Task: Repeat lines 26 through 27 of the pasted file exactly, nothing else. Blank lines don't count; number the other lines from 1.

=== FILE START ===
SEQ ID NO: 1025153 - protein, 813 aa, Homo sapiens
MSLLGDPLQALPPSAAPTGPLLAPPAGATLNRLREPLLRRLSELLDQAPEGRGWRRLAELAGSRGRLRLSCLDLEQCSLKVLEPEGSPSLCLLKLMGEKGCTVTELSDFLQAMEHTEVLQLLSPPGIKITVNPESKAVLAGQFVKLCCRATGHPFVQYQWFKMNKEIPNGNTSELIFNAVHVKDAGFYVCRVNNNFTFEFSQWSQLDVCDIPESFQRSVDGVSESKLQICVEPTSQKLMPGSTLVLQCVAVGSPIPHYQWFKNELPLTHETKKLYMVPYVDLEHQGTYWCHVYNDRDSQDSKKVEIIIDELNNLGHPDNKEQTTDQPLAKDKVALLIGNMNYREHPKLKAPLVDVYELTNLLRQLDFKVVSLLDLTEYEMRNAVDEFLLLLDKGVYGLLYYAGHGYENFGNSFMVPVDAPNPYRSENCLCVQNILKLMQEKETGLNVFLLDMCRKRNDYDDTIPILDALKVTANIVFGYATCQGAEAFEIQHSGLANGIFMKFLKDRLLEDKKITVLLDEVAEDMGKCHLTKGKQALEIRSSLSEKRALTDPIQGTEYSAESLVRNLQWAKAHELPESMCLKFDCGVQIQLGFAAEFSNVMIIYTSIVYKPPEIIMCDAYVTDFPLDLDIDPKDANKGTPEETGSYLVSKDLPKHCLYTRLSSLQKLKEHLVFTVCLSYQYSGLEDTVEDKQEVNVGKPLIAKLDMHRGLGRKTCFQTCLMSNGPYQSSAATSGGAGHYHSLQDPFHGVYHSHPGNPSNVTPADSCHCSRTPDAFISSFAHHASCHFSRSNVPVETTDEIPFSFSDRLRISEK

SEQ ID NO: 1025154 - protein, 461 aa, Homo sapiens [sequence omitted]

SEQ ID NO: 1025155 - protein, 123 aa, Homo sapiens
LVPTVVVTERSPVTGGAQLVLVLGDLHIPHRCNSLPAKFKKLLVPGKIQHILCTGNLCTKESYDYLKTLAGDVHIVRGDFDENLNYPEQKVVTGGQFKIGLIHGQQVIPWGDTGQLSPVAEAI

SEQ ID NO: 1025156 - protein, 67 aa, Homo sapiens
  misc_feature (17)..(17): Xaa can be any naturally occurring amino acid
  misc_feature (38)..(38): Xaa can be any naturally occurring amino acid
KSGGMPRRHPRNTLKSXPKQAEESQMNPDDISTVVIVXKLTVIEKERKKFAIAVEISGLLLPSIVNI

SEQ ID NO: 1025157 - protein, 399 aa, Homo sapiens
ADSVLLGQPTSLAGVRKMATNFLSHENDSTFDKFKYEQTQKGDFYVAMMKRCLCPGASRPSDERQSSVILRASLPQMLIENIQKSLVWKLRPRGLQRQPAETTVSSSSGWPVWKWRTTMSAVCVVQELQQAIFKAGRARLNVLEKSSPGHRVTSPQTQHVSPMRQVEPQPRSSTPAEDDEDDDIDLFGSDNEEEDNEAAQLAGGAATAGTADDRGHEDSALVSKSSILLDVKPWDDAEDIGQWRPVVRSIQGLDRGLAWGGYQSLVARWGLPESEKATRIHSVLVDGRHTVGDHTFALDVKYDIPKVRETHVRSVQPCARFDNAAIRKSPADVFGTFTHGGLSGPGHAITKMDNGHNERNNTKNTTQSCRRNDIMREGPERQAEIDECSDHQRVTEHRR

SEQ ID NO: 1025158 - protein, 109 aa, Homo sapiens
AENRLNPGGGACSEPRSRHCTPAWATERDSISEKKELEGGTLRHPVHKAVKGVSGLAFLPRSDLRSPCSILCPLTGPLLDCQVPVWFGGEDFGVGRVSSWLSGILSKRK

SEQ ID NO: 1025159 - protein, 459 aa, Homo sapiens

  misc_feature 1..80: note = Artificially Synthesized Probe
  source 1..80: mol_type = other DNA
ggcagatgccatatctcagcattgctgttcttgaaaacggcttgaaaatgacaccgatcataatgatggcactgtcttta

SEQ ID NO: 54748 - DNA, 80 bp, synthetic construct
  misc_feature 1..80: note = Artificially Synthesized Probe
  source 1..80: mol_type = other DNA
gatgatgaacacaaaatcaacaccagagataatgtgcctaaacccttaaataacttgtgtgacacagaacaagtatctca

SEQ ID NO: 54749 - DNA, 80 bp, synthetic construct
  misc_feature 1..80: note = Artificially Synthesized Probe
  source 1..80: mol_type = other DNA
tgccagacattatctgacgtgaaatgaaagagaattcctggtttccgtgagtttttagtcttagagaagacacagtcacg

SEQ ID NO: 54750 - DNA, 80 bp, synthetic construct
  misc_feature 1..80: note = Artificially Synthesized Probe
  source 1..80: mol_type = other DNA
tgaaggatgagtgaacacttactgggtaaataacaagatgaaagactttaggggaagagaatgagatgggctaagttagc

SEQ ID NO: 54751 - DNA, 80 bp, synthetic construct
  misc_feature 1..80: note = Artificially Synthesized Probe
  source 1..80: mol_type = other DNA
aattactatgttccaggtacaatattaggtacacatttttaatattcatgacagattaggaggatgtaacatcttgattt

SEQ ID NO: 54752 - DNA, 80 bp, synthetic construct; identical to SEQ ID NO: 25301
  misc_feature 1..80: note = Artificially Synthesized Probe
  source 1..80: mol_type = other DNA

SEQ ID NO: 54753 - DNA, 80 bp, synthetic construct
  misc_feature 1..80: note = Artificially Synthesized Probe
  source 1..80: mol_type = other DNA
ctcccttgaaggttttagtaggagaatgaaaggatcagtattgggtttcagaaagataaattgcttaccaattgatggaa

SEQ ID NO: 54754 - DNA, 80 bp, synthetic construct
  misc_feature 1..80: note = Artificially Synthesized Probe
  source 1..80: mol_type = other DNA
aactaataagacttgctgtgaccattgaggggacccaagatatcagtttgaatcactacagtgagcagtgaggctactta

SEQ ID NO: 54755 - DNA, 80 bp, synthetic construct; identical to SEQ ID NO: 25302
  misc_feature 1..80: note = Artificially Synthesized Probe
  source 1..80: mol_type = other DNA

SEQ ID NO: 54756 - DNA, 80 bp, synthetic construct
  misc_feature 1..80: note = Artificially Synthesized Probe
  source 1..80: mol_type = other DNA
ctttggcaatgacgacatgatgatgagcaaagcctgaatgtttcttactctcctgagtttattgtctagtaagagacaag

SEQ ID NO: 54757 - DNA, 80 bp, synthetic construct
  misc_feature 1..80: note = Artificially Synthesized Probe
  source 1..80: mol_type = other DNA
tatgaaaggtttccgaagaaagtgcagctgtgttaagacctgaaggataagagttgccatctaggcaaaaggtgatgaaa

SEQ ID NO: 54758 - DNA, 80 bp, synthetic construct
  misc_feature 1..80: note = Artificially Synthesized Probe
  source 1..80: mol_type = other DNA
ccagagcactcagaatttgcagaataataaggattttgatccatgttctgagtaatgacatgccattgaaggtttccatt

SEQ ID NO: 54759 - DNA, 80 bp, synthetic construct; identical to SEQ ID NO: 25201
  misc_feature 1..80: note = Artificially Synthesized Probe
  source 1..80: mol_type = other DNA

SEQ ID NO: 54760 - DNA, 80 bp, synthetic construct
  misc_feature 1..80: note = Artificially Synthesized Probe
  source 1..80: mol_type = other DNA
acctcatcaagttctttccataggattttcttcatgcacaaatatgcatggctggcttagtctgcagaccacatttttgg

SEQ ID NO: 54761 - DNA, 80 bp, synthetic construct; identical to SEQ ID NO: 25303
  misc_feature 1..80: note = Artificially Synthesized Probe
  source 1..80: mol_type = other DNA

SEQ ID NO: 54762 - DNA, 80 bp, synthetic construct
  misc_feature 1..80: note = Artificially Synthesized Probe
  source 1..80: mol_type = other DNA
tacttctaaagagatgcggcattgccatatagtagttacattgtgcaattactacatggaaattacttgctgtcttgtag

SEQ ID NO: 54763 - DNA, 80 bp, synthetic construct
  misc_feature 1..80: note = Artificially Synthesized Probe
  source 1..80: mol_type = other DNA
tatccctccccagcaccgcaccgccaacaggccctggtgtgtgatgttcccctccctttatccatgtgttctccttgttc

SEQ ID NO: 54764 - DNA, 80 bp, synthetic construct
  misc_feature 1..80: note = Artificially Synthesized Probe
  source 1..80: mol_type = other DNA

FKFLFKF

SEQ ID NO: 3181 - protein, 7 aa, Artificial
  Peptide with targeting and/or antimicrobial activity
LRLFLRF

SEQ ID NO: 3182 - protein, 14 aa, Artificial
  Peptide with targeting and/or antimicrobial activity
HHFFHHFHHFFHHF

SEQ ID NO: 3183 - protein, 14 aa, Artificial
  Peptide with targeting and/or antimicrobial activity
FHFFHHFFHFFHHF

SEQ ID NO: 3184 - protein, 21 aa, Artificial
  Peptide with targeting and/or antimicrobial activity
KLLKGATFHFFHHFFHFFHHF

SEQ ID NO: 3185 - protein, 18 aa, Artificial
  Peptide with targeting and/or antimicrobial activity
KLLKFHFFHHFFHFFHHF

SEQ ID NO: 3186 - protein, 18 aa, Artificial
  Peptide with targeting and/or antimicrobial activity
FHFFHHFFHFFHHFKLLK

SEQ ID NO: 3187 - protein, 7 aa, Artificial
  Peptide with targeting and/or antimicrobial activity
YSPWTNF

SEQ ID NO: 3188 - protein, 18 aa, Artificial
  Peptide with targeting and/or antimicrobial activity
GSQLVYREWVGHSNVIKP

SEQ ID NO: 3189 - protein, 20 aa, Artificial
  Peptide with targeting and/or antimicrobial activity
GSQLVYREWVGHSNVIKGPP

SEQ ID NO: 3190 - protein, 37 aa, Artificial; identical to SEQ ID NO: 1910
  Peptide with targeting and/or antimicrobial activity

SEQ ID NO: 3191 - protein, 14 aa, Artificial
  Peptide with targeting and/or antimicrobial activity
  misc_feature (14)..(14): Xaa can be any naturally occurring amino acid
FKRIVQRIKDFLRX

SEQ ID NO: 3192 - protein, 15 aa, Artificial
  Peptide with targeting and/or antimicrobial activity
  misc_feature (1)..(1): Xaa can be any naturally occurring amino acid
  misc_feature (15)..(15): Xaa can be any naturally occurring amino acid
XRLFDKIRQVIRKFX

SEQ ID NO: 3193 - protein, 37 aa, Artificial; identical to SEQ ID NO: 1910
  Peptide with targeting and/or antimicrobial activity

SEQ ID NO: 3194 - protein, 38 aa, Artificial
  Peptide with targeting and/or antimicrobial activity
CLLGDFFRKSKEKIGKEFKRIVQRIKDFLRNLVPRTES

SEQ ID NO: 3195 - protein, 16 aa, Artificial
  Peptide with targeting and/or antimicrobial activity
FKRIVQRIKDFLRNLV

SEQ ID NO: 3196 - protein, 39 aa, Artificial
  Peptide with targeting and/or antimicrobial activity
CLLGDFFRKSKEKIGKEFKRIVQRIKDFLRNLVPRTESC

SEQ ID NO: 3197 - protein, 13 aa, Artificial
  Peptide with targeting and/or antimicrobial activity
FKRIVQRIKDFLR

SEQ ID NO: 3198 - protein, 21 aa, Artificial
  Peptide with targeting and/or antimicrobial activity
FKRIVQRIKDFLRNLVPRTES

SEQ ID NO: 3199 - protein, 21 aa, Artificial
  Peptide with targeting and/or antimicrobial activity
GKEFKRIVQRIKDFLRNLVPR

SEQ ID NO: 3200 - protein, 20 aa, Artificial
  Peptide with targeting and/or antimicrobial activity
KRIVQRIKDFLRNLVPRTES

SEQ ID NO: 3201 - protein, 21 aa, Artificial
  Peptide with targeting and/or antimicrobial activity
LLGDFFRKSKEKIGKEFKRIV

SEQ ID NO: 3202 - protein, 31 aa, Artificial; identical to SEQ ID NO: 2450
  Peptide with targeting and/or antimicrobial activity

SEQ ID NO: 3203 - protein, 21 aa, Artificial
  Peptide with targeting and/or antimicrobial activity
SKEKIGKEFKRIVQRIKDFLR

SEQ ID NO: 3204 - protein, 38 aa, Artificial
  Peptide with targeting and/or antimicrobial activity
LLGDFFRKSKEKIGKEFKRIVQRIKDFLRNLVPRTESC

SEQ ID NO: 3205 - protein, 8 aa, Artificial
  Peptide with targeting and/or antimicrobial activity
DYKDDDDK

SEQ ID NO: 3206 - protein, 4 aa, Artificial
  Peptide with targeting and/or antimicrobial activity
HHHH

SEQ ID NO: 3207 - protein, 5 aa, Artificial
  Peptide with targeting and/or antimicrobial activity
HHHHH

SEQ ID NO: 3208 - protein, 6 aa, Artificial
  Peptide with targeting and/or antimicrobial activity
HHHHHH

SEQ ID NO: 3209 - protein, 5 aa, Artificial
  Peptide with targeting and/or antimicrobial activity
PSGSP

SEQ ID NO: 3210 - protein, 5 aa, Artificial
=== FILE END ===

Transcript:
SEQ ID NO: 54750 - DNA, 80 bp, synthetic construct
  misc_feature 1..80: note = Artificially Synthesized Probe